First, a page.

Jeff Hall says education has to change because the way kids are learning is changing.
“This is not a popular thing to say, but there are a lot of educators who were great 10 years ago, but have a hard time connecting with kids today,” said Arizona State University alumnus Hall. “Technology is second nature to kids. Teachers were taught a certain way to teach and have been doing it that way, but now kids can go to YouTube and find a video of what was being taught in 45 minutes and learn it in three minutes. We have to reimagine the profession.”
Hall’s way of reimagining education? Stand-up comedy.
Hall first graduated from ASU with a degree in film studies in 2003.
“I wanted to be a filmmaker, but it wasn’t going anywhere,” he said. And Hall and his wife wanted to have kids.
“In order for that to happen I needed to get a real job,” he said. An education degree was the next obvious choice. “I was an average student and the class clown, but had one teacher who honed in on my writing ability and validated my talent.”
Not one to shy away from self-deprecation, Hall said he had no idea what he was doing when he first began teaching eighth-grade English. He eventually landed at Westwood High School in Mesa, Arizona, a Title I school. A few years later, Hall began teaching creative writing.
Hall taught his students what he knew, introducing them to comedic literature and showing them clips of stand-up comedy.
“That first year, the kids just didn’t get it,” Hall said. “I wouldn’t call it a rousing success. I had to struggle, but I did learn how to connect with kids.”
Connecting through storytelling
Hall began connecting with his students by opening up to them and telling stories about his life. Seeing Hall as a real person created an environment that encouraged them to be more engaged.
“I needed to get them to relate to me,” Hall said. “And the best way I found to do that was to talk to them and get to know their story.”
While building a rapport with his students, Hall said he learned how to be sensitive to the kids who fell through the cracks. He taught students who were homeless, hungry and neglected.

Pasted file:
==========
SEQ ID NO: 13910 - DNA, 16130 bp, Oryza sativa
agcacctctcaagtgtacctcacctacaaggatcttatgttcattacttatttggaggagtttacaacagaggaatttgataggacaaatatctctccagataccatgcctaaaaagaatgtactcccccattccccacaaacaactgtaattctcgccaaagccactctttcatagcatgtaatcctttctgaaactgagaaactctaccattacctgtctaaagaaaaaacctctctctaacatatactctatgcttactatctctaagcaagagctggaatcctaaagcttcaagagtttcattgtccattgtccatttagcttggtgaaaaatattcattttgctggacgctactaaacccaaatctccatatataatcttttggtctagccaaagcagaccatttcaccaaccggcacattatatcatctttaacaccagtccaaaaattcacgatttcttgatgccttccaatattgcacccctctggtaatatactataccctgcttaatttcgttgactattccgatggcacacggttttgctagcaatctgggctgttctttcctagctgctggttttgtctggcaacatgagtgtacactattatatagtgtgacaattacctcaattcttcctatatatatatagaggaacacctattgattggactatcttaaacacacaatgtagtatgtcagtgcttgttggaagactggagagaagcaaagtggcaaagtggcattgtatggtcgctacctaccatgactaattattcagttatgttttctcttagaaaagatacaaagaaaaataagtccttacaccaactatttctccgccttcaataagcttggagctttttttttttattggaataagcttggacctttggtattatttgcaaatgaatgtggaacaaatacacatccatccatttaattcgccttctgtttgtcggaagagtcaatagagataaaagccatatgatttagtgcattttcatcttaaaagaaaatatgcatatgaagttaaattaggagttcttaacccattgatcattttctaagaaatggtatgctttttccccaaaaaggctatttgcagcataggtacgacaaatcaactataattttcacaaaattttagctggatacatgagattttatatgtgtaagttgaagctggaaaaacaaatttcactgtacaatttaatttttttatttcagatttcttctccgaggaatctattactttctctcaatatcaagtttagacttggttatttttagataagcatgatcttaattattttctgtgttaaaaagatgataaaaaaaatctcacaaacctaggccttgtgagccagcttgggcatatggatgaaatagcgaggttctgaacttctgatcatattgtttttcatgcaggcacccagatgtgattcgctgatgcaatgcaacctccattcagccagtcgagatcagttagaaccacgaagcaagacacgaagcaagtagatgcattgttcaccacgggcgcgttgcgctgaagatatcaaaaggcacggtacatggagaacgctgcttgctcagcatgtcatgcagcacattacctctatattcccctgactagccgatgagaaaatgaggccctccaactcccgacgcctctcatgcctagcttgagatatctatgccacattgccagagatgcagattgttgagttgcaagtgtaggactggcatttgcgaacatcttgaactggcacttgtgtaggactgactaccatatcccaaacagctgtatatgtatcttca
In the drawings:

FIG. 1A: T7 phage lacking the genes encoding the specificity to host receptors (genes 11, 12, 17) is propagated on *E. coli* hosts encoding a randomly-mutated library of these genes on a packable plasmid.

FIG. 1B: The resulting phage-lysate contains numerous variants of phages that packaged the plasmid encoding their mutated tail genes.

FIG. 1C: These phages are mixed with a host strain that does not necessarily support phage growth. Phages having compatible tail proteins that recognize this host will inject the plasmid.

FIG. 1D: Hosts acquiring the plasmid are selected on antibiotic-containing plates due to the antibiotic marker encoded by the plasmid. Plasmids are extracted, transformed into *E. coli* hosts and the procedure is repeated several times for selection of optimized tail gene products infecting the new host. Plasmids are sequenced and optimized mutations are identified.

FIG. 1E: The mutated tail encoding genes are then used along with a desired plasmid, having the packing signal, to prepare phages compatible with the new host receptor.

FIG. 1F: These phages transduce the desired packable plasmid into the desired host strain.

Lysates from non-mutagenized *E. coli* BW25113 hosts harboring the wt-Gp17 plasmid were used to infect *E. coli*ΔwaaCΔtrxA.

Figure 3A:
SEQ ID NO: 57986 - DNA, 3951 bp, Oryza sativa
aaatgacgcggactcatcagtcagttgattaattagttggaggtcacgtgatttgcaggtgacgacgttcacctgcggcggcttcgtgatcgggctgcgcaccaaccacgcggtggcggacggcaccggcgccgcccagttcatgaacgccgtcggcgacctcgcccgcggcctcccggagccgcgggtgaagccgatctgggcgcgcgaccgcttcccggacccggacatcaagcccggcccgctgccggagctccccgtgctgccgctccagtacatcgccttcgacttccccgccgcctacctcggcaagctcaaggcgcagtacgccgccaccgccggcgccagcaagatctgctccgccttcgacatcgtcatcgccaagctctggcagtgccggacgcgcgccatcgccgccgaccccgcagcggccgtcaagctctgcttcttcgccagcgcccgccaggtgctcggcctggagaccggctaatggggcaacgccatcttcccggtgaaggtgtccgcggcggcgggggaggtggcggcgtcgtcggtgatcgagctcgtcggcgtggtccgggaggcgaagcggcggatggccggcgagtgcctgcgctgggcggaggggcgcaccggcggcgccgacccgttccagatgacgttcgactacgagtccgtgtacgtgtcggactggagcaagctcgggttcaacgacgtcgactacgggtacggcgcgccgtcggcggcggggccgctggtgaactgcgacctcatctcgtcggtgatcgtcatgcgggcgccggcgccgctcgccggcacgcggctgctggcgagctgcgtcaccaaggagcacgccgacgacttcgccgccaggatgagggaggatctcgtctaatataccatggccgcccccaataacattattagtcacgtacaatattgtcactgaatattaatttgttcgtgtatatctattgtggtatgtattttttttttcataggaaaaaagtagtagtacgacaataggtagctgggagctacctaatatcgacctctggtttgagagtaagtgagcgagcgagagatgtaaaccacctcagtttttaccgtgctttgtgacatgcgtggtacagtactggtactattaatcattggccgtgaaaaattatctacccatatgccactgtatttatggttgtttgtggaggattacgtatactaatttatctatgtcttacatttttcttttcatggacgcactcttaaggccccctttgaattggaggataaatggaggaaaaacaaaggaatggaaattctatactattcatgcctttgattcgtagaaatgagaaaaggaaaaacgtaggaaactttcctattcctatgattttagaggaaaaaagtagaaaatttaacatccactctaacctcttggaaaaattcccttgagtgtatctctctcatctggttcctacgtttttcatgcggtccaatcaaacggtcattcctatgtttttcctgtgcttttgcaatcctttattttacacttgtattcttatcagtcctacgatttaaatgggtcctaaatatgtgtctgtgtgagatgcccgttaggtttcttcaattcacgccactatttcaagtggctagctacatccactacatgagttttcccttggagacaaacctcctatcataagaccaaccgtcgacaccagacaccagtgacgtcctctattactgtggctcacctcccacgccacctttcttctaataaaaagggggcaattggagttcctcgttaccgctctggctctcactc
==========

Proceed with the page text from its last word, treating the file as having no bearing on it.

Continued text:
“No wonder they weren’t learning — their basic needs weren’t being met,” he said.
In his creative writing class, Hall said many students had trouble finding something to write about.
“They never had a creative writing class before, nor had they been exposed to much literature or life experience,” Hall said. “They kept turning in the same kind of poem about drugs, and every story was about falling in love and getting a broken heart.”
Hall knew it was time to shake things up.
Video by Mary Lou Fulton Teachers College
He went to the school’s principal and asked to implement a humanities class. His wish was granted and together, the kids and Hall studied storytelling. Last year the class wrote a full feature-length film, sent it to the school’s production department; this year, the students are in the editing process.
Hall does see the irony: “I’ve always wanted to be a filmmaker, and the only film I’ve produced and been involved with has been the one with my students.”
What is stand-up teaching kids?
Still wanting to continue his intrapreneurial teaching methods, Hall decided on stand-up comedy. He converted his classroom into a comedy club and created a coffeehouse atmosphere, equipped with a stage, lights and brick wall. He also wrote a one-hour special and performed it for his students and principal.
“The cool thing is that several of my students have become my writers," Hall said. "They critique me and give me jokes. We are a team.”
Hall says that he learned comedy alongside his students.
“It’s the best way to teach," he said. "When they get frustrated, I’m like, 'I get it.' We understand each other.”
With the support of their parents, six of his students were his opening act when he performed his comedy show, "The Class Clown: Musings of a Teacher," at the Tempe Improv. It's a PG-13 set in which Hall talks about the realities of the classroom and current issues in modern education.
Stand-up teaches kids a lot, Hall said.
“Stand-up teaches them they have a voice they need to develop in order to learn who they are and hones the skills to present it in a way people can understand. Secondly, it teaches them to be open to new ideas and not be judgmental.”
Hall recalled one student he taught who was living in a group home.
“His parents kicked him out, and he’d been (in the group home) for a year," he said. "It was Christmastime, and he got up and shared his story. It was heart-wrenching, yet he did it in a way that made everyone laugh. He didn’t make himself the victim.”
Hall said the next day an international student from Vietnam brought that student a gift, while two other classmates invited him to their homes for dinner.
“That’s humanity,” Hall said. “The kids saw someone in need and offered comfort. I did my job.”
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